The European Commission (EC) this morning announced that it was opening an antitrust investigation of Apple and five major book publishers, which it believes colluded together to artificially raise the prices of books when Apple entered the ebook market last year. Readers will recall thatI made this same accusation when Apple announced the original iPad and its iBooks online store in early 2010.
Finally, an Apple Antitrust Probe
"The Commission has concerns that these practices may breach EU antitrust rules that prohibit cartels and restrictive business practices," an EC statement reads, noting that the pricing for ebooks took a sudden and otherwise unexplained jump when Apple entered the market. In addition to Apple, publishers Hachette Livre, Harper Collins, Penguin, Simon & Schuster, and Verlagsgruppe Georg von Holtzbrinck are named in the investigation.
Before Apple's entry, publishers set the wholesale price of books, but retailers could determine the final selling price. But Apple changed that, allowing publishers for the first time to determine the final price at which ebooks were sold to consumers. As a result, the average selling price of new ebooks jumped from $9.99 to $14.99.
The EC will try to determine whether the firms colluded to fix prices and restrict competition. Both charges should be easily proven.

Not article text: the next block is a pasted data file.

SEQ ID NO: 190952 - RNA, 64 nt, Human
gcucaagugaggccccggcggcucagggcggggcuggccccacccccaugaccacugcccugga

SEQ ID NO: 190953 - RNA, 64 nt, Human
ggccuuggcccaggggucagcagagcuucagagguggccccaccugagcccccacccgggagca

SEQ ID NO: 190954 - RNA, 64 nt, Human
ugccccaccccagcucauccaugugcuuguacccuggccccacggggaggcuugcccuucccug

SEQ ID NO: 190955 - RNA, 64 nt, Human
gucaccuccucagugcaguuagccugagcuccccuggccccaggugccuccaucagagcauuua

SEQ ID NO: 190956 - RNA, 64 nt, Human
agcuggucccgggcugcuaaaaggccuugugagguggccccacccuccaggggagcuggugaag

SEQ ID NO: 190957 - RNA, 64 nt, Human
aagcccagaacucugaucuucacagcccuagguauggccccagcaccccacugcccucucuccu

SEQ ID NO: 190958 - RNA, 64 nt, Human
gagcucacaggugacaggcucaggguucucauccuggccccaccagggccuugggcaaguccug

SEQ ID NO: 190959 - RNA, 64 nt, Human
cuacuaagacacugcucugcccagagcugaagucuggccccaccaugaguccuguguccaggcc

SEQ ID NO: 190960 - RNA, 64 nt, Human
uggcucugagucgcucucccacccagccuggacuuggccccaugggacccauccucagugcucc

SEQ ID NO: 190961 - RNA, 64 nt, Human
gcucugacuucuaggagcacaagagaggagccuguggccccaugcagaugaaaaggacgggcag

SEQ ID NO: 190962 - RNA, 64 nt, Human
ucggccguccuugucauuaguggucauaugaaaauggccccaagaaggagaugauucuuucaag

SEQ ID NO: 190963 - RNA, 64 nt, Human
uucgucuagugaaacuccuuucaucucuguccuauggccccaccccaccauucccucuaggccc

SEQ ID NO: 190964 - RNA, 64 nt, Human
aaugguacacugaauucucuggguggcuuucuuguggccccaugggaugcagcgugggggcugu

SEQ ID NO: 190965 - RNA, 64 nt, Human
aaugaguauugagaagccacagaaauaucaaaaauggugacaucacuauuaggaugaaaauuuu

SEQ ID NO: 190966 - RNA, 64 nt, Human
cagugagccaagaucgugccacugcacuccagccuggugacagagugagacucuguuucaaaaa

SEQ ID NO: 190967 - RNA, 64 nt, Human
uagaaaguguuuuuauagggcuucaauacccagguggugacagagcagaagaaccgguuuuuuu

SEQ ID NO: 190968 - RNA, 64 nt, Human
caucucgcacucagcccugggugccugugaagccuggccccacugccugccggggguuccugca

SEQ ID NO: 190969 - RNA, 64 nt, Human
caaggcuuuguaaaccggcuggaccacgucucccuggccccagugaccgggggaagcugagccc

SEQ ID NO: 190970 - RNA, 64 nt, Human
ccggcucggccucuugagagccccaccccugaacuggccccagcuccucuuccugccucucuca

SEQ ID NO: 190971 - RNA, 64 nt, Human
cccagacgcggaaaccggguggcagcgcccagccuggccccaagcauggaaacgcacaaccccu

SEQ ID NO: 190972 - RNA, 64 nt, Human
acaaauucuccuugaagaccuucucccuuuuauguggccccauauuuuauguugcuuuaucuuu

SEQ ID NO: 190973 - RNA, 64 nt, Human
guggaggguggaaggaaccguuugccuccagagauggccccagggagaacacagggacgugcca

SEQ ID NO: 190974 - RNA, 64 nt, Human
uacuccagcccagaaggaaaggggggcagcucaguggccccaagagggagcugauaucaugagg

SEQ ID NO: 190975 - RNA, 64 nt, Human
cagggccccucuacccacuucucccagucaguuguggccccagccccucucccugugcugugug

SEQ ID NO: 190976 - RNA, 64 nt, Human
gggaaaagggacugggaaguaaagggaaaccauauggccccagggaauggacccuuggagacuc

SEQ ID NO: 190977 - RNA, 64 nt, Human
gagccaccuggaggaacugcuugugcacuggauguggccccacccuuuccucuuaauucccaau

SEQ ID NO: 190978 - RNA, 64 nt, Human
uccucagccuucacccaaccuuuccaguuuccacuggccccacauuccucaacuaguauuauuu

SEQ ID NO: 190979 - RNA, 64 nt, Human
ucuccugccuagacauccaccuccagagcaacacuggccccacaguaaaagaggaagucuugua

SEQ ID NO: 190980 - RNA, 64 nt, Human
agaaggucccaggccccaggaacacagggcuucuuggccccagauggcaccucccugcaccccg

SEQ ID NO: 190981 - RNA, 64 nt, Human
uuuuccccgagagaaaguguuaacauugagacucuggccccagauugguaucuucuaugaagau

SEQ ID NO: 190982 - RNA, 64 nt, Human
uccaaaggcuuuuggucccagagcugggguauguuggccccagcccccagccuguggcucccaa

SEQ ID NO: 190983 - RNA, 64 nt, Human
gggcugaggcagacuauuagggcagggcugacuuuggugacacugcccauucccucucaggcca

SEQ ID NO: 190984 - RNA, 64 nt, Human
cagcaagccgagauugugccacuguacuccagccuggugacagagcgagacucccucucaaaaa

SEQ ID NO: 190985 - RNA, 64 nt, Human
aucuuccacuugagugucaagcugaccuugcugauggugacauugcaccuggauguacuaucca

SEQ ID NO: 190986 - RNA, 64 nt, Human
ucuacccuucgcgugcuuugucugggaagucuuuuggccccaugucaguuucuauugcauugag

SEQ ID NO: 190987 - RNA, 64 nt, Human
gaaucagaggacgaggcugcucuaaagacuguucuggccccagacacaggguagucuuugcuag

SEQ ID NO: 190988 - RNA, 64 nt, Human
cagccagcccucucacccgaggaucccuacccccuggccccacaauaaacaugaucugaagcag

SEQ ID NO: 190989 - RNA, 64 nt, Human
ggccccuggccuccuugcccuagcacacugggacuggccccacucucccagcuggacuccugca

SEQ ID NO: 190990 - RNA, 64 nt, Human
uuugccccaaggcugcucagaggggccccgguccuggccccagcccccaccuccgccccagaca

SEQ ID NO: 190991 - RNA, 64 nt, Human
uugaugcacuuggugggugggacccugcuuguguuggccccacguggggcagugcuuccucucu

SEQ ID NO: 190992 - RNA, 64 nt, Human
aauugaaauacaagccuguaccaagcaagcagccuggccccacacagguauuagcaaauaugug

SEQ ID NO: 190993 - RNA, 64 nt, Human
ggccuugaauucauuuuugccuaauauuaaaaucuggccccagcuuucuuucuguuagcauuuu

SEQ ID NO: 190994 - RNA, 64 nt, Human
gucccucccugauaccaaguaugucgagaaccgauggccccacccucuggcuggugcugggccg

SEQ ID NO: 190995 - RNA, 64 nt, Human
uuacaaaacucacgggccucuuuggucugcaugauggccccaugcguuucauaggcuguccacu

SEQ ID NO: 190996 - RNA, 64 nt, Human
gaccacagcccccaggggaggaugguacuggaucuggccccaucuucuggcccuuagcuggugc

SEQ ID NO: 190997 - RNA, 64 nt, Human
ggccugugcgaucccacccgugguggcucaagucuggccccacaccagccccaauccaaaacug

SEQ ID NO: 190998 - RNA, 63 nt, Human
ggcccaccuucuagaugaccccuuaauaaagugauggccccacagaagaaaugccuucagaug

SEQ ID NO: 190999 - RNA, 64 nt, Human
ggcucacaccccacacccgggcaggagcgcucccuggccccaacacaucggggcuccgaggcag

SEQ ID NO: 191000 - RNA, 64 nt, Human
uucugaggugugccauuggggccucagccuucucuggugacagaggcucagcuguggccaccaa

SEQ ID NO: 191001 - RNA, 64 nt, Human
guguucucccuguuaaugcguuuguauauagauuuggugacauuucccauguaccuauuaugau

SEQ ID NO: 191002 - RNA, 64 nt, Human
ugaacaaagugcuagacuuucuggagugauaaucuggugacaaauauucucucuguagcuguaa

As I reported in February 2010, while Apple was negotiating with the major publishers, at least one of them—Macmillan—demanded that Amazon raise prices on its Kindle books to match Apple's prices. Amazon, now as then, owns the dominant ebook platform, called Kindle. And Macmillan threatened to pull its books from the Kindle unless Amazon went along with the price hike. After temporarily pulling Macmillan's titles from its store, Amazon capitulated and raised prices as demanded.
"We have to capitulate and accept Macmillan's terms because Macmillan has a monopoly over [its] own titles, and we will want to offer them to you even at prices we believe are needlessly high for ebooks," Amazon wrote to customers at the time.
In August 2011, Apple and the six biggest US publishers of ebooks were sued in a class-action lawsuit for artificially raising the prices of ebooks. "Apple facilitated changing the ebook pricing model and conspired with the Publisher Defendants to do so," the suit alleges. "As a direct result of this anti-competitive conduct as intended by the conspiracy, the price of ebooks has soared. The price of new bestselling ebooks increased to an average of $12 - $15, an increase of 33 to 50 percent."
And now, finally, a major regulatory body is investigating this issue. (A US review of ebook price fixing on behalf of Connecticut Attorney General Richard Blumenthal in August 2010 has gone nowhere.) The European Union's (EU's) EC is known to be aggressive in its protection of consumers over the competitive needs of corporations. And according to EC spokesperson Amelia Torres, the Commission is making this investigation "a matter of priority."
"This is an important issue for consumers, for people like me and you who love to read books, including on an electronic platform," she said, adding that the probe will determine whether the Apple and publisher agreements "had the objective or effect of restricting competition and fixing the price of e-books at a high level in Europe."